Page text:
On August 2, 1984, the National Capital Planning Commission approved the proposed exchange in a public hearing. At that time, pursuant to its statutory authority, 43 Stat. 463; D.C. Code §§ 1-2009; 8-101 (1981), the Commission established a national park encompassing the Georgetown Waterfront area.
In October, 1984, the NPS stated its intention to enter into the proposed exchange with WHA.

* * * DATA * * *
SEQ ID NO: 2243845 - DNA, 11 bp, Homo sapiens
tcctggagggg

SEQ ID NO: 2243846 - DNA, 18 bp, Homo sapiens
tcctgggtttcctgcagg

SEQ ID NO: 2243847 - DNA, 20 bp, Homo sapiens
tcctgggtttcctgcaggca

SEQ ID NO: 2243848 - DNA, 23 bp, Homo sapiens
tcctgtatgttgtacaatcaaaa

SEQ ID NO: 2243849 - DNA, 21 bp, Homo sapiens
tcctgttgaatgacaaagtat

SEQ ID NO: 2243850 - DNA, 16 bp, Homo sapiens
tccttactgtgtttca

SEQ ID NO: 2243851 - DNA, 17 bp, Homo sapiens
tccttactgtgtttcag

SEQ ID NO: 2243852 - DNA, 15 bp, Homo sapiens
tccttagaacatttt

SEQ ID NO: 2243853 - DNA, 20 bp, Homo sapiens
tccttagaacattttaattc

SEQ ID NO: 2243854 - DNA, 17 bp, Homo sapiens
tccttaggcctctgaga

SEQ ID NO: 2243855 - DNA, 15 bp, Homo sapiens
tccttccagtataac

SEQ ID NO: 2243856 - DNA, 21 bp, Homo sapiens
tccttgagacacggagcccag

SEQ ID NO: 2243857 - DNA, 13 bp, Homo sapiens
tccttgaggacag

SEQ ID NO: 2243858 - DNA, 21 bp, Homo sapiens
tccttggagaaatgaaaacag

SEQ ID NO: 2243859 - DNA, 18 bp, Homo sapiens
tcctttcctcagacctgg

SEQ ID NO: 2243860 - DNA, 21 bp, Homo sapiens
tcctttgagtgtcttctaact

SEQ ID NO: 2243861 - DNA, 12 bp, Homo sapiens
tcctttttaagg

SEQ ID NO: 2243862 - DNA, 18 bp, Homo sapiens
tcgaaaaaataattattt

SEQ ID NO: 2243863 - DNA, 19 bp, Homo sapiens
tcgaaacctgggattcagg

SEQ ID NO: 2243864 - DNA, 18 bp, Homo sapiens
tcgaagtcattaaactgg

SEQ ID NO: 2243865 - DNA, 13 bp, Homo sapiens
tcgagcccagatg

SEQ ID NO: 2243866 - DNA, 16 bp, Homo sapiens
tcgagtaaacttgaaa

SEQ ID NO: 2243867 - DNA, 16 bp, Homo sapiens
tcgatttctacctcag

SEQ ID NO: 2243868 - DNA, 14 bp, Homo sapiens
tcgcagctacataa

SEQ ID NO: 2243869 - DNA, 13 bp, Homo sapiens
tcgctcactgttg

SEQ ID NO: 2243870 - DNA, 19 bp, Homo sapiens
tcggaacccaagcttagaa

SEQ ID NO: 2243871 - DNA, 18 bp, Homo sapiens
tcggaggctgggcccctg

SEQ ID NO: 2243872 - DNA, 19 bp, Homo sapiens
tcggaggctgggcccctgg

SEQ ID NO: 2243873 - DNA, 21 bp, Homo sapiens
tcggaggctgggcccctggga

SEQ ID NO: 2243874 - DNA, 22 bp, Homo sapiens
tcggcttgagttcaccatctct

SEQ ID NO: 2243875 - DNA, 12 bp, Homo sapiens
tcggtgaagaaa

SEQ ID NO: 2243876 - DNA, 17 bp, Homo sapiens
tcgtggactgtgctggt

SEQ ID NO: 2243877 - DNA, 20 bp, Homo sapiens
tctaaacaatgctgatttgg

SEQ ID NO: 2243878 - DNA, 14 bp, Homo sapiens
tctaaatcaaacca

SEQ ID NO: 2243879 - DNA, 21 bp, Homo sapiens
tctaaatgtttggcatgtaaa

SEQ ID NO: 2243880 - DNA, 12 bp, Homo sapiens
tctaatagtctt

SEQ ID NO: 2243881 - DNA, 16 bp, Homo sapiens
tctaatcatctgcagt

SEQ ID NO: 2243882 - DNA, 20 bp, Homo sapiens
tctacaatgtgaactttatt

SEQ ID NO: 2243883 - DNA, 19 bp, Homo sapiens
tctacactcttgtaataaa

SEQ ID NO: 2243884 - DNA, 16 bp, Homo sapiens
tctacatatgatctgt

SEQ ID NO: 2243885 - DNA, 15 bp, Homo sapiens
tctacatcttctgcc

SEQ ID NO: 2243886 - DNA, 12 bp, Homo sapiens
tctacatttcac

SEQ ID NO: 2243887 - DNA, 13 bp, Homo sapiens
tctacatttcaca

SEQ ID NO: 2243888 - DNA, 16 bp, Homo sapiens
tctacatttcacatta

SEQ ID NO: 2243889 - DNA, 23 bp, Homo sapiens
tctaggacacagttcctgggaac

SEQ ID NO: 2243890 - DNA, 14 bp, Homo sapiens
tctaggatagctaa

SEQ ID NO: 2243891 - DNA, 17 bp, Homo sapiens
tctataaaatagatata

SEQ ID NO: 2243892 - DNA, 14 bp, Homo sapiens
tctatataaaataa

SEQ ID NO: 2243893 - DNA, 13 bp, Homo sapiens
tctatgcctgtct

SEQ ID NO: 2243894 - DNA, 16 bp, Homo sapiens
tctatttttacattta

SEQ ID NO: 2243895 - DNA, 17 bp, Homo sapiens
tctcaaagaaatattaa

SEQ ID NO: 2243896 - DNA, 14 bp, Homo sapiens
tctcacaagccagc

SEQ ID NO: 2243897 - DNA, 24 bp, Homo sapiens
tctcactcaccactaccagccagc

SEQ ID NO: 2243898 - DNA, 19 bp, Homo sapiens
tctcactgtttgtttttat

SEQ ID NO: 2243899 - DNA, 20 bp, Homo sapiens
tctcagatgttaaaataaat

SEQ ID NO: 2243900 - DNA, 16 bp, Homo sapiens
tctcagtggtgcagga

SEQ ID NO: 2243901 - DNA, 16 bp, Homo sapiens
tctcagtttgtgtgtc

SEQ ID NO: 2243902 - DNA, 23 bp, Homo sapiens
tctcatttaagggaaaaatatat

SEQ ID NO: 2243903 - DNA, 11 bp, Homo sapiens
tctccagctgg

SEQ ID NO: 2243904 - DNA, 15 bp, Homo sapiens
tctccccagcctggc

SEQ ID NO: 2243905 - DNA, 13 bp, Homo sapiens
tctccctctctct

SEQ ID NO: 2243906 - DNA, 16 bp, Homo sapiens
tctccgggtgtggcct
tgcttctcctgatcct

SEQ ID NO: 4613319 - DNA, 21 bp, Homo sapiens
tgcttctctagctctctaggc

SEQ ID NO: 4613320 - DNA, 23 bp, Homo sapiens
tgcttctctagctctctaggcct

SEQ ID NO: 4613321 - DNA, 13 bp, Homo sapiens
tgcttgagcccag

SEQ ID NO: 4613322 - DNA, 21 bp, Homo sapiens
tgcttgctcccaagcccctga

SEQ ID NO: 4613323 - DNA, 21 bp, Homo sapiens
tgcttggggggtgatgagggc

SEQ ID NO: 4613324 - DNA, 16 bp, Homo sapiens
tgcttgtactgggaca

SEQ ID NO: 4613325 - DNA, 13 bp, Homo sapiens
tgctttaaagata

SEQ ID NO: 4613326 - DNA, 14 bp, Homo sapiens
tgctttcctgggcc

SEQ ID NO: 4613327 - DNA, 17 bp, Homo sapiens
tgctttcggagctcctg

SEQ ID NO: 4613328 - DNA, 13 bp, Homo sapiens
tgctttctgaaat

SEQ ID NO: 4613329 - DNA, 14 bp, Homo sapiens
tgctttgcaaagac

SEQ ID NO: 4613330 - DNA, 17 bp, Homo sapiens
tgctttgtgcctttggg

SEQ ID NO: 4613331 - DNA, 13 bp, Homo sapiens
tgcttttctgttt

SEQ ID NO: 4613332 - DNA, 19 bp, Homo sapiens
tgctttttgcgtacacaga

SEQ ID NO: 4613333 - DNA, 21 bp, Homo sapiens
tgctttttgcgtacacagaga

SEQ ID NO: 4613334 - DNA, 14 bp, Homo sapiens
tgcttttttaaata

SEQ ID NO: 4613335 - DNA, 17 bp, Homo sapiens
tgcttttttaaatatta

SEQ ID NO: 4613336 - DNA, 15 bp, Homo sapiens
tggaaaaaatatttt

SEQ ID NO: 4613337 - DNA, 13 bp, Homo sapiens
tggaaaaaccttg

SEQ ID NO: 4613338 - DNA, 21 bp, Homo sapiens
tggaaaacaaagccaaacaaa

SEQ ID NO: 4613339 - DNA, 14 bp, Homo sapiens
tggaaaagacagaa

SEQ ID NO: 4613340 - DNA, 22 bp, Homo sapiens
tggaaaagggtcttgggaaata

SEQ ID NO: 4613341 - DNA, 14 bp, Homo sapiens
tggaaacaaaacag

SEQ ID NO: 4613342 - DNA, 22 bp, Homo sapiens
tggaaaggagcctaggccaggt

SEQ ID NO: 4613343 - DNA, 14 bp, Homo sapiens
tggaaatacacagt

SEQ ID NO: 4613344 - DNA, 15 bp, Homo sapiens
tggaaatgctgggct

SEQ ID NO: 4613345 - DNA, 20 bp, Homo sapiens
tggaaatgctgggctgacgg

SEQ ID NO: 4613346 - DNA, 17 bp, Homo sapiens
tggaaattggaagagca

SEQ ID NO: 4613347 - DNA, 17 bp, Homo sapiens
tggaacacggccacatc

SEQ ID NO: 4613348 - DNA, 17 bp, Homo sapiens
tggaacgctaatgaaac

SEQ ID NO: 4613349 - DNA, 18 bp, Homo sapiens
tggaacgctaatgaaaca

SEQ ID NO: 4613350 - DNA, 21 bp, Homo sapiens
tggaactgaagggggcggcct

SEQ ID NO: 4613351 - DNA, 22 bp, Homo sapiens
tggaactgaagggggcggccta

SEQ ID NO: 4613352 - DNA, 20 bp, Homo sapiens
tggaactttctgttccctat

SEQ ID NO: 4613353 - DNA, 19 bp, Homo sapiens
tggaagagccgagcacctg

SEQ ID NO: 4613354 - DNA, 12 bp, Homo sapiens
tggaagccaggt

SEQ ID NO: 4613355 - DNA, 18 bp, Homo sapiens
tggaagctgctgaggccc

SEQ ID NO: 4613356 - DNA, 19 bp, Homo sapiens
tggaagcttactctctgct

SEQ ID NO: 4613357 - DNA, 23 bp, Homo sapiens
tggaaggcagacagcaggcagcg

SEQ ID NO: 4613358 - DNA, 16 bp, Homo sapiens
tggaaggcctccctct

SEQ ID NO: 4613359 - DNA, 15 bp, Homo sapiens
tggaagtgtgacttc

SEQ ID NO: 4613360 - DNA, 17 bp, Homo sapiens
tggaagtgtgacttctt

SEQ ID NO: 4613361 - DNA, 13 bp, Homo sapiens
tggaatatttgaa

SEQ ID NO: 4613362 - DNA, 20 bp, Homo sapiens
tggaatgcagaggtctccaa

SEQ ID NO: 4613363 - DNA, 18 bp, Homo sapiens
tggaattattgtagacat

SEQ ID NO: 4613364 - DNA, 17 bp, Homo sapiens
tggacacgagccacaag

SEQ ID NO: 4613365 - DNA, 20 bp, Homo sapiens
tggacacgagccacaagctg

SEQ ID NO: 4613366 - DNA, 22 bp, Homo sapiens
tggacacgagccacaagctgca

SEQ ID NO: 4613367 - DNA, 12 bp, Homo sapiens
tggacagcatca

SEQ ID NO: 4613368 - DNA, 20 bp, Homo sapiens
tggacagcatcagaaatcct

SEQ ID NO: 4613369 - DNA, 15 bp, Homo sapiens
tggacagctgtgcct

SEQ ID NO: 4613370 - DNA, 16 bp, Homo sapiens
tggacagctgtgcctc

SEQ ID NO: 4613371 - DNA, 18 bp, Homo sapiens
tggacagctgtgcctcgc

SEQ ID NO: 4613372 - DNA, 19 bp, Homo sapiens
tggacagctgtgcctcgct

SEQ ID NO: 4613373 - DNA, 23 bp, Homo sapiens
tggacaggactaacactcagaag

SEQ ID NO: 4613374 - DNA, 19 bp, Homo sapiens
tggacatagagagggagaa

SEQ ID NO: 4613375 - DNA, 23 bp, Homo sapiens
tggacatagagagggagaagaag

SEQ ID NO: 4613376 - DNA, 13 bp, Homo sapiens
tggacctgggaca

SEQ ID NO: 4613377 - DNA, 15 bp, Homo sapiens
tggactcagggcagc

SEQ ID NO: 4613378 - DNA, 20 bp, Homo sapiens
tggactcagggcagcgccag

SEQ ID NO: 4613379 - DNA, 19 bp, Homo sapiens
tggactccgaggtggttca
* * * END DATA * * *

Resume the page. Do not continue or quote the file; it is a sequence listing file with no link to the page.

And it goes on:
The process of valuing the interests to be exchanged in the NPS-WHA agreement began in December, 1983. NPS returned WHA's initial appraisal submitted to it in January, 1984 for consideration of additional economic and valuation factors. Another appraisal was submitted in May, 1984, which NPS also concluded would need to be revised. WHA's final appraisal was received on July 20, 1984. Thereafter, NPS proceeded to evaluate and analyze the appraisal and concluded that the interests exchanged were of "approximately equal value" in accord with 16 U.S.C. § 460 l -22(b).